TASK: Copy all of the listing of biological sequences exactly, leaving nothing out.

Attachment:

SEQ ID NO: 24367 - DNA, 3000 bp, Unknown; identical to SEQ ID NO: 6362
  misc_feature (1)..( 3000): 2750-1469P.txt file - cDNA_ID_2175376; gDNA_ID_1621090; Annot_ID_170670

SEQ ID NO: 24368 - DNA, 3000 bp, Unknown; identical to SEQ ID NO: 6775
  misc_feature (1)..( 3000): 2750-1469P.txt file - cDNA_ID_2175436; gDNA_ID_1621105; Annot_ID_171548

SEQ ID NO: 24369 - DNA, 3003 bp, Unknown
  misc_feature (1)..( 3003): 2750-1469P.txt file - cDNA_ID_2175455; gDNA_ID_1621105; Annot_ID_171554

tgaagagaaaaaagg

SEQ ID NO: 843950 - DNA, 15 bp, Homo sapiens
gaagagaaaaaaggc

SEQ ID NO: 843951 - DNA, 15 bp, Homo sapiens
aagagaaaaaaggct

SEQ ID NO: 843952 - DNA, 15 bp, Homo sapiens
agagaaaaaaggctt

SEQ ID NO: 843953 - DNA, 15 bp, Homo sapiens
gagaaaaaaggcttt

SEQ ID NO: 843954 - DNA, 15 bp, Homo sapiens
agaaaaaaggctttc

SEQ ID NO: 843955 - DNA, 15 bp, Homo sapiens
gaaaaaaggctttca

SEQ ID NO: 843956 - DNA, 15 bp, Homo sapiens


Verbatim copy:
SEQ ID NO: 24367 - DNA, 3000 bp, Unknown; identical to SEQ ID NO: 6362
  misc_feature (1)..( 3000): 2750-1469P.txt file - cDNA_ID_2175376; gDNA_ID_1621090; Annot_ID_170670

SEQ ID NO: 24368 - DNA, 3000 bp, Unknown; identical to SEQ ID NO: 6775
  misc_feature (1)..( 3000): 2750-1469P.txt file - cDNA_ID_2175436; gDNA_ID_1621105; Annot_ID_171548

SEQ ID NO: 24369 - DNA, 3003 bp, Unknown
  misc_feature (1)..( 3003): 2750-1469P.txt file - cDNA_ID_2175455; gDNA_ID_1621105; Annot_ID_171554

tgaagagaaaaaagg

SEQ ID NO: 843950 - DNA, 15 bp, Homo sapiens
gaagagaaaaaaggc

SEQ ID NO: 843951 - DNA, 15 bp, Homo sapiens
aagagaaaaaaggct

SEQ ID NO: 843952 - DNA, 15 bp, Homo sapiens
agagaaaaaaggctt

SEQ ID NO: 843953 - DNA, 15 bp, Homo sapiens
gagaaaaaaggcttt

SEQ ID NO: 843954 - DNA, 15 bp, Homo sapiens
agaaaaaaggctttc

SEQ ID NO: 843955 - DNA, 15 bp, Homo sapiens
gaaaaaaggctttca

SEQ ID NO: 843956 - DNA, 15 bp, Homo sapiens